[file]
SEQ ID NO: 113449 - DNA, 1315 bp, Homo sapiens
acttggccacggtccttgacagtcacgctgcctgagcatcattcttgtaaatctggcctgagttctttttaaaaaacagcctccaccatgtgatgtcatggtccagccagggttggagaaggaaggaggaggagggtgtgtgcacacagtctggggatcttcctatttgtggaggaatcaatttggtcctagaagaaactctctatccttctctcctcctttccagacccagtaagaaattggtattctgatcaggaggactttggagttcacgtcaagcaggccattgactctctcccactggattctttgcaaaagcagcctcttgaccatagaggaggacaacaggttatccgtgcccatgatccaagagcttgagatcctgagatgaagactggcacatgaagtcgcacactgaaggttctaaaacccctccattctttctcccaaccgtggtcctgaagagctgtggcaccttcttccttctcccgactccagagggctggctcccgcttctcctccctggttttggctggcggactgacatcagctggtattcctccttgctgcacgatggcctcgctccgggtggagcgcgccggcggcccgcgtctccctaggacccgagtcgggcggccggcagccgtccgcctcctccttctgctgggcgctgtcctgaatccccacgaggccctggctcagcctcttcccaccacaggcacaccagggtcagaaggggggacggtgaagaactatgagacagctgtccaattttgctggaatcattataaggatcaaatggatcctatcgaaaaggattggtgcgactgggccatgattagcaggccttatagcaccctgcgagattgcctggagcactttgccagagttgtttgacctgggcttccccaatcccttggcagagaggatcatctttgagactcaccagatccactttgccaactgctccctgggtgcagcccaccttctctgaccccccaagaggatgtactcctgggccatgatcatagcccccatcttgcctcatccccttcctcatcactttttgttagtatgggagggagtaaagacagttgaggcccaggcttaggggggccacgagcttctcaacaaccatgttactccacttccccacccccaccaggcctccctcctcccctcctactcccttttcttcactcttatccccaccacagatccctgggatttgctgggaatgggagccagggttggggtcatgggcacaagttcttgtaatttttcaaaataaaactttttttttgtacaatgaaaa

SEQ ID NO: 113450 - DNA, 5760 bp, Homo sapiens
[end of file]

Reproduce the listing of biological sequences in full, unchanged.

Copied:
SEQ ID NO: 113449 - DNA, 1315 bp, Homo sapiens
acttggccacggtccttgacagtcacgctgcctgagcatcattcttgtaaatctggcctgagttctttttaaaaaacagcctccaccatgtgatgtcatggtccagccagggttggagaaggaaggaggaggagggtgtgtgcacacagtctggggatcttcctatttgtggaggaatcaatttggtcctagaagaaactctctatccttctctcctcctttccagacccagtaagaaattggtattctgatcaggaggactttggagttcacgtcaagcaggccattgactctctcccactggattctttgcaaaagcagcctcttgaccatagaggaggacaacaggttatccgtgcccatgatccaagagcttgagatcctgagatgaagactggcacatgaagtcgcacactgaaggttctaaaacccctccattctttctcccaaccgtggtcctgaagagctgtggcaccttcttccttctcccgactccagagggctggctcccgcttctcctccctggttttggctggcggactgacatcagctggtattcctccttgctgcacgatggcctcgctccgggtggagcgcgccggcggcccgcgtctccctaggacccgagtcgggcggccggcagccgtccgcctcctccttctgctgggcgctgtcctgaatccccacgaggccctggctcagcctcttcccaccacaggcacaccagggtcagaaggggggacggtgaagaactatgagacagctgtccaattttgctggaatcattataaggatcaaatggatcctatcgaaaaggattggtgcgactgggccatgattagcaggccttatagcaccctgcgagattgcctggagcactttgccagagttgtttgacctgggcttccccaatcccttggcagagaggatcatctttgagactcaccagatccactttgccaactgctccctgggtgcagcccaccttctctgaccccccaagaggatgtactcctgggccatgatcatagcccccatcttgcctcatccccttcctcatcactttttgttagtatgggagggagtaaagacagttgaggcccaggcttaggggggccacgagcttctcaacaaccatgttactccacttccccacccccaccaggcctccctcctcccctcctactcccttttcttcactcttatccccaccacagatccctgggatttgctgggaatgggagccagggttggggtcatgggcacaagttcttgtaatttttcaaaataaaactttttttttgtacaatgaaaa

SEQ ID NO: 113450 - DNA, 5760 bp, Homo sapiens